Wings of Fury
|Wings of Fury|
Wings of Fury is an action game with some minor simulation aspects, in which the player assumes role of pilot of an American F6F Hellcat plane aboard the USS Wasp in the Pacific during World War II. The original Apple II version, programmed by Steve Waldo, was released in 1987 by Brøderbund. It was ported in 1990 to Amstrad CPC, Commodore 64, Amiga and PC DOS, and in 1999 to Game Boy Color.
The game is a horizontally scrolling shooter set over a number of World War II missions. The player starts each mission by taking off from an aircraft carrier, which he/she has to protect from attacks by Japanese planes. The goal is to defeat the Japanese by destroying enemy bunkers, turrets and barracks on a series of islands and killing enemy soldiers either with bombs or by machine gun. The weapons to complete these objectives, besides machine guns, are a limited number of bombs, rockets and torpedoes. On some missions, the player must also sink Japanese vessels, such as destroyers, battleships, and aircraft carriers. The player has a finite amount of fuel and munitions, which can be replenished by returning to the carrier. The player's aircraft can be destroyed by accumulated damage from enemy fire or by crashing into the terrain.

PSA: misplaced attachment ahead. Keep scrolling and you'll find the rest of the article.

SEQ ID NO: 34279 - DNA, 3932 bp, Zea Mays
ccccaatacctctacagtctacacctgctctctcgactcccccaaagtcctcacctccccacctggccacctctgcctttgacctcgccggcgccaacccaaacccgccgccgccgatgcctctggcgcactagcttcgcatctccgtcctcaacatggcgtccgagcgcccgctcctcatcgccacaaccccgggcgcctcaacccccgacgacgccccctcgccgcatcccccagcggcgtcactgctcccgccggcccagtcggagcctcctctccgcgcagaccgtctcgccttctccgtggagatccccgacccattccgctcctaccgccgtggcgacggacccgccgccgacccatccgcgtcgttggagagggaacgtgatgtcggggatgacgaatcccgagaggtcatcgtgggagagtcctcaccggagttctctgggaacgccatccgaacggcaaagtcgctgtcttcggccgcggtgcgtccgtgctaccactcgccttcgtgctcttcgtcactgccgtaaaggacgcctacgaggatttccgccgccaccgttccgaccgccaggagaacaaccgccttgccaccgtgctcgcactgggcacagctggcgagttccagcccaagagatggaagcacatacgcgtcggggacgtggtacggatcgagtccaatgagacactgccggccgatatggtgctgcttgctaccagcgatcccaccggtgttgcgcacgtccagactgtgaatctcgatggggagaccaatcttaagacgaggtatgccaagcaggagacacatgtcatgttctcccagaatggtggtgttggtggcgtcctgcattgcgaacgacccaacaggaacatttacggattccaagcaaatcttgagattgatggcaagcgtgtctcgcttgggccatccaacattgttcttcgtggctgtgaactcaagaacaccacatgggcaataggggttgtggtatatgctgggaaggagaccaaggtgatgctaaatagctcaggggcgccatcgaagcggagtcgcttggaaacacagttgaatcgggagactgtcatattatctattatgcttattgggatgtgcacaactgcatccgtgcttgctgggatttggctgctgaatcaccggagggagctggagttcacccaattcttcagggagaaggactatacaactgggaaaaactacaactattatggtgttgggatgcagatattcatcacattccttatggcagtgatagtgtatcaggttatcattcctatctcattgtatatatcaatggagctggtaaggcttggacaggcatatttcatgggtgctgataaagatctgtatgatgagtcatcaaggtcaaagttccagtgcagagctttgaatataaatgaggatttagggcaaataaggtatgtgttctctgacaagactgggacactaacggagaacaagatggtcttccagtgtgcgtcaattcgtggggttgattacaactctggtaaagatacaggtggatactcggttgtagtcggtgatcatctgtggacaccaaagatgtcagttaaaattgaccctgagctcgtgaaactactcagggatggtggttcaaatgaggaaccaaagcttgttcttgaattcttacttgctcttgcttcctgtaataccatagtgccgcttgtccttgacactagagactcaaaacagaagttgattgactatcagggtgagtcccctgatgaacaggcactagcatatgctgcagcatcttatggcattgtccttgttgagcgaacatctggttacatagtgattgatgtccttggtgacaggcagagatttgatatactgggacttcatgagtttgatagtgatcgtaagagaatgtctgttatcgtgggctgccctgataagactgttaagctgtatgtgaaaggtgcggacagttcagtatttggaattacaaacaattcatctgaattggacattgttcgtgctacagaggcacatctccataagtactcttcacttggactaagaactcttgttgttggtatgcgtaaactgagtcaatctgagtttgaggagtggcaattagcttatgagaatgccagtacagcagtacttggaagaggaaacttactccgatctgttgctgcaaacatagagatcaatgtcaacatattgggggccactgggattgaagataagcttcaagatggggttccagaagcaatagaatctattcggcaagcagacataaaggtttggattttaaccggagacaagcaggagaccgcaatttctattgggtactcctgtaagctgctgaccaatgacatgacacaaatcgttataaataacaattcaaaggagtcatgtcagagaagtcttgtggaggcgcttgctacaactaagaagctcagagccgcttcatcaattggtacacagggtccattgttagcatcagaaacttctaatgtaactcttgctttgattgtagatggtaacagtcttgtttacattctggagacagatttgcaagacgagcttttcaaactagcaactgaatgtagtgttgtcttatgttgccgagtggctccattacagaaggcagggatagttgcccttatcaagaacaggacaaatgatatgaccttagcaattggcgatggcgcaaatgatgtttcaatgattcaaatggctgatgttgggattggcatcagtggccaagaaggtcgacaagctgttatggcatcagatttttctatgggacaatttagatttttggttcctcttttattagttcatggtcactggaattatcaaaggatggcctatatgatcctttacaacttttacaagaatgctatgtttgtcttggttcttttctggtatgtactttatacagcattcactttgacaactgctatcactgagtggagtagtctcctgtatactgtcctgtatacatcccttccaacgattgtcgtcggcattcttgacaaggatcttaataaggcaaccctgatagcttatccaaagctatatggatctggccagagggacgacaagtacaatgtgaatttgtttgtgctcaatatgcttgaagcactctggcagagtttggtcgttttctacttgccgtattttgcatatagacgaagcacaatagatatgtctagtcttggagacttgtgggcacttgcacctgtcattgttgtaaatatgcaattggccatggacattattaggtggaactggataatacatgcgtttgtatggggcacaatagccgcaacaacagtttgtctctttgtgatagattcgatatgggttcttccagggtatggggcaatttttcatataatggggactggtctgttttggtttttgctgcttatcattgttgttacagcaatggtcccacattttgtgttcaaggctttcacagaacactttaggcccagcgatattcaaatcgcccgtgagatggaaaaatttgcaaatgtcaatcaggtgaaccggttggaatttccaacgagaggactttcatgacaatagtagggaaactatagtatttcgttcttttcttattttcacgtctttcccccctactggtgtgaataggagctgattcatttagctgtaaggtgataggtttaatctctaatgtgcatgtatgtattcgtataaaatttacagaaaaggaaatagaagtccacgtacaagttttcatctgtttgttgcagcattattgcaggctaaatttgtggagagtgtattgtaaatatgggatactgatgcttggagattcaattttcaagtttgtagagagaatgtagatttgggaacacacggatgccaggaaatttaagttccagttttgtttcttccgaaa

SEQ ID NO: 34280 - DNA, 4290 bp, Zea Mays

Getting unlimited bombs, rockets and torpedoes, changing these weapons and refilling fuel and oil without landing in a cracked version players could use the cheat "conanwashere".
Computer Gaming World stated that the game had "some of the best action graphics pulled out of the Apple in recent memory", and concluded that Wings of Fury was "an exciting, memorable game for anyone remotely interested in action games". The game received 4 out of 5 stars in Dragon.
- Search:. "Wings of Fury Release Information for Apple II". GameFAQs. Retrieved 2011-06-28.
- David, William W. (September 1988). "Baa! Baa! Flak Sheep! / Broderbund's World War II Arcade Game". Computer Gaming World. p. 18.
- Lesser, Hartley; Lesser, Patricia; Lesser, Kirk (April 1988). "The Role of Computers". Dragon (132): 80–85.